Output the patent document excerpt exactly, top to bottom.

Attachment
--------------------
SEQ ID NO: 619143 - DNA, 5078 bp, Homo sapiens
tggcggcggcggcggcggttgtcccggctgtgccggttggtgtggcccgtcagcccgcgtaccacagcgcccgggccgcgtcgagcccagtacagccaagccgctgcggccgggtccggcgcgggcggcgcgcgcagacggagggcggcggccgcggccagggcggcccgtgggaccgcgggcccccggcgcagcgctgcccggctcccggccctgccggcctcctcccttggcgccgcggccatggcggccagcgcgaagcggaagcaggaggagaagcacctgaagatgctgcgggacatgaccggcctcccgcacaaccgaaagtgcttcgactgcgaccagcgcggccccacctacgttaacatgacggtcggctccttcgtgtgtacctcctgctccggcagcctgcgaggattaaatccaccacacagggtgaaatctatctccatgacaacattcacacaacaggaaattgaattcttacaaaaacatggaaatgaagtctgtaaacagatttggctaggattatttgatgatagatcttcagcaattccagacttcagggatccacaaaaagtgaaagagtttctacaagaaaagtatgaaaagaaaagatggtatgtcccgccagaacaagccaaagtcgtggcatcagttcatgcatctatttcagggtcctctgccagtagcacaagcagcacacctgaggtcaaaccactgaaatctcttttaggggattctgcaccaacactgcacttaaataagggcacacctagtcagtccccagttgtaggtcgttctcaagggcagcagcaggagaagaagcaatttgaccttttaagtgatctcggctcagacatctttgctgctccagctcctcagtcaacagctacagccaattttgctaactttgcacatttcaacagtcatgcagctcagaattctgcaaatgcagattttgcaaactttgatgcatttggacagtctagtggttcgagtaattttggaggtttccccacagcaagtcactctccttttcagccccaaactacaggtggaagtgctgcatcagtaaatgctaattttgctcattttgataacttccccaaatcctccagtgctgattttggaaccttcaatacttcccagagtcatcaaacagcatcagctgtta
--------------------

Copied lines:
SEQ ID NO: 619143 - DNA, 5078 bp, Homo sapiens
tggcggcggcggcggcggttgtcccggctgtgccggttggtgtggcccgtcagcccgcgtaccacagcgcccgggccgcgtcgagcccagtacagccaagccgctgcggccgggtccggcgcgggcggcgcgcgcagacggagggcggcggccgcggccagggcggcccgtgggaccgcgggcccccggcgcagcgctgcccggctcccggccctgccggcctcctcccttggcgccgcggccatggcggccagcgcgaagcggaagcaggaggagaagcacctgaagatgctgcgggacatgaccggcctcccgcacaaccgaaagtgcttcgactgcgaccagcgcggccccacctacgttaacatgacggtcggctccttcgtgtgtacctcctgctccggcagcctgcgaggattaaatccaccacacagggtgaaatctatctccatgacaacattcacacaacaggaaattgaattcttacaaaaacatggaaatgaagtctgtaaacagatttggctaggattatttgatgatagatcttcagcaattccagacttcagggatccacaaaaagtgaaagagtttctacaagaaaagtatgaaaagaaaagatggtatgtcccgccagaacaagccaaagtcgtggcatcagttcatgcatctatttcagggtcctctgccagtagcacaagcagcacacctgaggtcaaaccactgaaatctcttttaggggattctgcaccaacactgcacttaaataagggcacacctagtcagtccccagttgtaggtcgttctcaagggcagcagcaggagaagaagcaatttgaccttttaagtgatctcggctcagacatctttgctgctccagctcctcagtcaacagctacagccaattttgctaactttgcacatttcaacagtcatgcagctcagaattctgcaaatgcagattttgcaaactttgatgcatttggacagtctagtggttcgagtaattttggaggtttccccacagcaagtcactctccttttcagccccaaactacaggtggaagtgctgcatcagtaaatgctaattttgctcattttgataacttccccaaatcctccagtgctgattttggaaccttcaatacttcccagagtcatcaaacagcatcagctgtta